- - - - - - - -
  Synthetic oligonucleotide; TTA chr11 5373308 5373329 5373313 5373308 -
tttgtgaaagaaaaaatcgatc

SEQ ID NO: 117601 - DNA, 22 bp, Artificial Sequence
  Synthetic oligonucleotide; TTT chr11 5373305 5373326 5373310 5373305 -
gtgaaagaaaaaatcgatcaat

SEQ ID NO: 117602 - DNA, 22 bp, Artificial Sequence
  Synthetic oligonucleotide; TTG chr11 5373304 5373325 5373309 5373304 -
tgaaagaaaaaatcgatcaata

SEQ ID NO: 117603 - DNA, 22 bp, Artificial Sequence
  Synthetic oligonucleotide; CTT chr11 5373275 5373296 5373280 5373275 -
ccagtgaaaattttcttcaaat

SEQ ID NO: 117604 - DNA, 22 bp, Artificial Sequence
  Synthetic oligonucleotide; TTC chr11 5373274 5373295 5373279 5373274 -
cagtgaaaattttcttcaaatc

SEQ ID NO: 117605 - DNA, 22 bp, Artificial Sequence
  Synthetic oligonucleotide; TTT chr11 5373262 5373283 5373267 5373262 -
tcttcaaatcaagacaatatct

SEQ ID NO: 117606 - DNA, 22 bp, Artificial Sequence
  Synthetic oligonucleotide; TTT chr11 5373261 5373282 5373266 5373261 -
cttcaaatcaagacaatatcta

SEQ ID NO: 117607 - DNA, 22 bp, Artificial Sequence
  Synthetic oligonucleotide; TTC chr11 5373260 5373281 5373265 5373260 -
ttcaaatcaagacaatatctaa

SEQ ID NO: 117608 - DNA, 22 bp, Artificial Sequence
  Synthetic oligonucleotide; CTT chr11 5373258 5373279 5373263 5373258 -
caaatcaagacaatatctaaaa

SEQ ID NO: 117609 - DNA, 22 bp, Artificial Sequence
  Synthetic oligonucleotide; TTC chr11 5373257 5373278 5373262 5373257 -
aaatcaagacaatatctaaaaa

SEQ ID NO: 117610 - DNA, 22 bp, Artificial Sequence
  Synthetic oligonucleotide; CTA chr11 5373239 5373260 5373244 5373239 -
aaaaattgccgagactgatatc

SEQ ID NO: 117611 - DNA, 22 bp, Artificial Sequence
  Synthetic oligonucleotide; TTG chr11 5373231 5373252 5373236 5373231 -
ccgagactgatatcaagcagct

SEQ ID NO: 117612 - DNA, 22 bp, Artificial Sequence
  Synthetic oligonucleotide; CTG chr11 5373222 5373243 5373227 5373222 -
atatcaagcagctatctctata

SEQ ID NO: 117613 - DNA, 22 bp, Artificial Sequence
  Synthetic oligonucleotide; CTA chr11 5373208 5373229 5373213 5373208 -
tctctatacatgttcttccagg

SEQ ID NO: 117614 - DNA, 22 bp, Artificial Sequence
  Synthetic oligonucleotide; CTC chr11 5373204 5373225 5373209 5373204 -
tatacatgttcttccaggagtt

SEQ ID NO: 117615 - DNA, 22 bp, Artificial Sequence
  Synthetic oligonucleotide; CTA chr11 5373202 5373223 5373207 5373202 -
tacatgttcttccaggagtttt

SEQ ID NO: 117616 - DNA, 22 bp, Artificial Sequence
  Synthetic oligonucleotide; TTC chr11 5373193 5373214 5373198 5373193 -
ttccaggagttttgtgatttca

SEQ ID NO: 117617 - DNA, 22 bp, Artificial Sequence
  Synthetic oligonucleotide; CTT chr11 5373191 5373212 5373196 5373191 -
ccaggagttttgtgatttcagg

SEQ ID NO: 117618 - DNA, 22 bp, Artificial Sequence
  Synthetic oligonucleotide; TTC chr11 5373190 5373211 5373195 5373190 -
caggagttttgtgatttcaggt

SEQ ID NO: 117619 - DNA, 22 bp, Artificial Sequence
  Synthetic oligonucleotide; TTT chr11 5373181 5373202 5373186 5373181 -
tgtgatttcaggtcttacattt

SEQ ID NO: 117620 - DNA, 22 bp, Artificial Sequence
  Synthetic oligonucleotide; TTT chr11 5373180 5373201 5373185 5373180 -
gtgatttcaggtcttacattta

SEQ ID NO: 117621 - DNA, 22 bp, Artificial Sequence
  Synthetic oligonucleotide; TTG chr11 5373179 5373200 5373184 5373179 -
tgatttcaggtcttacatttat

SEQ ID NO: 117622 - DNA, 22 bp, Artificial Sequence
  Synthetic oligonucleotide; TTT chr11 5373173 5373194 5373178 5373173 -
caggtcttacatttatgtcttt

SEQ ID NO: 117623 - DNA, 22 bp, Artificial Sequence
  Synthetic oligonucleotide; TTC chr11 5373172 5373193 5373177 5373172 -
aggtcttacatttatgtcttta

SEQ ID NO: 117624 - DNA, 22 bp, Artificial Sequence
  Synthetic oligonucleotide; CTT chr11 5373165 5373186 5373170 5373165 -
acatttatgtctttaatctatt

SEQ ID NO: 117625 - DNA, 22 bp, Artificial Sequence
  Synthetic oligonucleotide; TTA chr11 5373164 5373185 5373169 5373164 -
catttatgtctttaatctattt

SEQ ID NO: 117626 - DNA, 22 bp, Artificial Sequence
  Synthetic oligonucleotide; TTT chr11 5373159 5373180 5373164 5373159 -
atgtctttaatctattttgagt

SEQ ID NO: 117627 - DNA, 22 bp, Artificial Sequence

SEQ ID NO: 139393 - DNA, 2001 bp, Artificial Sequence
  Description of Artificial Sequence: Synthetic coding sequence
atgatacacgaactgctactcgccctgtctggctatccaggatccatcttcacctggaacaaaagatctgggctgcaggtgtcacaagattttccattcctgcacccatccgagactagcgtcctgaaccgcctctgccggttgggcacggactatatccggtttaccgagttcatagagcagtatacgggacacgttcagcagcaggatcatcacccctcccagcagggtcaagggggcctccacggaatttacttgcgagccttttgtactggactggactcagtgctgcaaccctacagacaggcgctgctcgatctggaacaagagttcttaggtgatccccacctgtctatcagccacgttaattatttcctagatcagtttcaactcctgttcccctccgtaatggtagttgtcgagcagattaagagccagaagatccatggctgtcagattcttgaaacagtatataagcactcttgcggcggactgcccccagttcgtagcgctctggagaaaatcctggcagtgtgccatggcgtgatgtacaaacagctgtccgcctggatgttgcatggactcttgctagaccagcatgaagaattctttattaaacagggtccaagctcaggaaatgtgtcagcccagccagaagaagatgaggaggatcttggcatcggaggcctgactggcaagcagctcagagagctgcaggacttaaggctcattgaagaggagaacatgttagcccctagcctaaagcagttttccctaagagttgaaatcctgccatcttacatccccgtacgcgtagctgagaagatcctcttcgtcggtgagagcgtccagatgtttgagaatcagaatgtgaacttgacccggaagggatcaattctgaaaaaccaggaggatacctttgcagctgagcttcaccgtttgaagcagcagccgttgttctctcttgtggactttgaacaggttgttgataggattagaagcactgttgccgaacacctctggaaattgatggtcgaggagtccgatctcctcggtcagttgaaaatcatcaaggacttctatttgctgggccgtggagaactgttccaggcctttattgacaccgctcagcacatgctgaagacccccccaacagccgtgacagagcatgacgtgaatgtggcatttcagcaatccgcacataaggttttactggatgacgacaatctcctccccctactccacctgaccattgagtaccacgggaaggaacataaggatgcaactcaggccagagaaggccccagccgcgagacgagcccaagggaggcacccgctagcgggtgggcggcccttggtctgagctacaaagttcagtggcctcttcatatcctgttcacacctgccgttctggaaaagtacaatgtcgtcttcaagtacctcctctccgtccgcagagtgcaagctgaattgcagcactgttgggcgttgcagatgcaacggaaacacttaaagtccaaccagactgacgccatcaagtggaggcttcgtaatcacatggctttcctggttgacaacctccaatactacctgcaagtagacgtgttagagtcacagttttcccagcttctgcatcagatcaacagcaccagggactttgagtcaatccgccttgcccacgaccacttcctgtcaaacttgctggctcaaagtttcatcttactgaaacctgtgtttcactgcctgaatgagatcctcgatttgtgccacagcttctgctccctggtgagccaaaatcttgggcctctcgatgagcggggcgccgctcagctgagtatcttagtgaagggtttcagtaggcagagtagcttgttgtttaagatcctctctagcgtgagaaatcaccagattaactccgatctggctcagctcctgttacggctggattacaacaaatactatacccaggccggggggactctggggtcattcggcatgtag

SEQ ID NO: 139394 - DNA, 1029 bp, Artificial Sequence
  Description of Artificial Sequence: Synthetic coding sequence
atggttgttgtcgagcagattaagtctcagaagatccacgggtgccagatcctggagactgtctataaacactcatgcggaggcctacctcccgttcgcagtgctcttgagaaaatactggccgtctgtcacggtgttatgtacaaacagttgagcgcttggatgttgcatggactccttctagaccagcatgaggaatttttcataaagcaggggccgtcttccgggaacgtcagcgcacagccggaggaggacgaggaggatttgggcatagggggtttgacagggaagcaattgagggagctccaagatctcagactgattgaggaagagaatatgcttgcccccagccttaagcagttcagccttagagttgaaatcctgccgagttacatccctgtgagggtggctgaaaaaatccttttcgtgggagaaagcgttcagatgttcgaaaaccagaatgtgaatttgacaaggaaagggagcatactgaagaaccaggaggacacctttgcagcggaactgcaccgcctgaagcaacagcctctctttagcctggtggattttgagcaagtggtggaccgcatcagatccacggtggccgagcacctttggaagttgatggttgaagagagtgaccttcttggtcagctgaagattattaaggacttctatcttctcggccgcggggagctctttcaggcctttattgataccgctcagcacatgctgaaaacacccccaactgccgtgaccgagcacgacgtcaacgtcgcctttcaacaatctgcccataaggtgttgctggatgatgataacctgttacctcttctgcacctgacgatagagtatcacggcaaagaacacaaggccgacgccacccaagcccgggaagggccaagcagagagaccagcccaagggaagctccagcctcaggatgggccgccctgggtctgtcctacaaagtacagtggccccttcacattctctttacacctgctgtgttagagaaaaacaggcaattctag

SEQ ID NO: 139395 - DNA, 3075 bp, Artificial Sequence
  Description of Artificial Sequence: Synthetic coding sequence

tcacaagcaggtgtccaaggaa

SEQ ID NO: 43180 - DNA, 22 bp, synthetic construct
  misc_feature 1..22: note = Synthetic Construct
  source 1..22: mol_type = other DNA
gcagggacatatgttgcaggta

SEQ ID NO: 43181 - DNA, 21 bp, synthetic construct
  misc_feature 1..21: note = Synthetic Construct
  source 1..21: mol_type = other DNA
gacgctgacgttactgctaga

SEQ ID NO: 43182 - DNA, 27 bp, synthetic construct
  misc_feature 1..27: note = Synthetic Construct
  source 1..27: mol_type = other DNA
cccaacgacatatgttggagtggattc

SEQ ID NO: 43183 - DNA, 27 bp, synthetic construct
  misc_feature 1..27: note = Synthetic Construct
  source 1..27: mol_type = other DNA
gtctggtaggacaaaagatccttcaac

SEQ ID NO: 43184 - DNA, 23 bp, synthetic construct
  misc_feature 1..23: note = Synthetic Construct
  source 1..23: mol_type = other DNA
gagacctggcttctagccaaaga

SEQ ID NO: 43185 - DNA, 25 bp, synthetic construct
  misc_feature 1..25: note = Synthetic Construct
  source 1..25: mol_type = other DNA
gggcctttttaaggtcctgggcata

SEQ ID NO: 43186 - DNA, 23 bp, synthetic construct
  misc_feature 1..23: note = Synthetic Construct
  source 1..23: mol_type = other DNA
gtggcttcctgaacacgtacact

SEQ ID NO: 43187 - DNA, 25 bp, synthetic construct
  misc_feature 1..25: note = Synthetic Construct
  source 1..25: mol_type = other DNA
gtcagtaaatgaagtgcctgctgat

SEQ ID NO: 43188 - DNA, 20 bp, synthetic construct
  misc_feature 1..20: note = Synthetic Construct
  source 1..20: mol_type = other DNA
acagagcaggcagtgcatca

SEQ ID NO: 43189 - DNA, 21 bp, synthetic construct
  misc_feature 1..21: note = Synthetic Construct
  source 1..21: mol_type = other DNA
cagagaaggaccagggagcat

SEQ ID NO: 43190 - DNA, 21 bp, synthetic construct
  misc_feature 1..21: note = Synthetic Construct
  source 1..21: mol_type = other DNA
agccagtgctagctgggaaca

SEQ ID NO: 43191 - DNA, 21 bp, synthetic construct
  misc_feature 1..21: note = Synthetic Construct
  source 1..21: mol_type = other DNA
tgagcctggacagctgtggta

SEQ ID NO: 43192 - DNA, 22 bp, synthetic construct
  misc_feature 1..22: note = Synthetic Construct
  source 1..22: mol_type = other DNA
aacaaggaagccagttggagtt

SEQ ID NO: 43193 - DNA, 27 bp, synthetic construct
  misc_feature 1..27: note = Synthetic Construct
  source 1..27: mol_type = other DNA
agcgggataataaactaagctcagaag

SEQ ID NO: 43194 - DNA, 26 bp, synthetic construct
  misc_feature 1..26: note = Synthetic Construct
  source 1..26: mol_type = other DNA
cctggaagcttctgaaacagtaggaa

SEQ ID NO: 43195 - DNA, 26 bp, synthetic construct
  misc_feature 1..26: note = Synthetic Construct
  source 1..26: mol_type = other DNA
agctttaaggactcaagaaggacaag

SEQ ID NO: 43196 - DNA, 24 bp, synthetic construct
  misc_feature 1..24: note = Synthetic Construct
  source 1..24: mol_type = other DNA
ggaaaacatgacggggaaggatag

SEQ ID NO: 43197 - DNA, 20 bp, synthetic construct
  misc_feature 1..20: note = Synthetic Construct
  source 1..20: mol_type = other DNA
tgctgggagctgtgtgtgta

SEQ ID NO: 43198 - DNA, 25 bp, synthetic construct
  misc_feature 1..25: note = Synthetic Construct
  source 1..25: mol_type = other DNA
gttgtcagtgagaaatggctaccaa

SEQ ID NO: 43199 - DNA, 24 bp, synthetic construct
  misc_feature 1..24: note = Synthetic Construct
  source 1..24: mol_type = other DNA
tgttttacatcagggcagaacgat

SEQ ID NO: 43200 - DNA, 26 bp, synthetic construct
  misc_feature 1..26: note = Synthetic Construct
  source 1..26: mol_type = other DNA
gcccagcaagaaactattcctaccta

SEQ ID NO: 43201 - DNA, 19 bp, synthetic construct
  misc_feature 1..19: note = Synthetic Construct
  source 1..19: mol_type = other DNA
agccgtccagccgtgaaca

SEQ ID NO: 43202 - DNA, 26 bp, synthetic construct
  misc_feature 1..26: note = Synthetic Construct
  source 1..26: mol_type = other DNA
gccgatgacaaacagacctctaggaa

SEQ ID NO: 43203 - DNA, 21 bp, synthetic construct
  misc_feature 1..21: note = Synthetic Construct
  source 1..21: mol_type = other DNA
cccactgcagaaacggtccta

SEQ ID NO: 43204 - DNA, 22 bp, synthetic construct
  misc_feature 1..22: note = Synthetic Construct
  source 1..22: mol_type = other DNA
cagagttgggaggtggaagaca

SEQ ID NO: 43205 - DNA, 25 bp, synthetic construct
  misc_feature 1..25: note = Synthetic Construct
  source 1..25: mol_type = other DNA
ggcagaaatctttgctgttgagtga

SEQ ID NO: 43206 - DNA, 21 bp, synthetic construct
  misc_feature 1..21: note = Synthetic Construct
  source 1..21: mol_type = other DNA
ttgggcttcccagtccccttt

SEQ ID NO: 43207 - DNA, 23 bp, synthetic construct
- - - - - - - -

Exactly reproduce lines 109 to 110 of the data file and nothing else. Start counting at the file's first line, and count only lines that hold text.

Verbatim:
  source 1..23: mol_type = other DNA
gagacctggcttctagccaaaga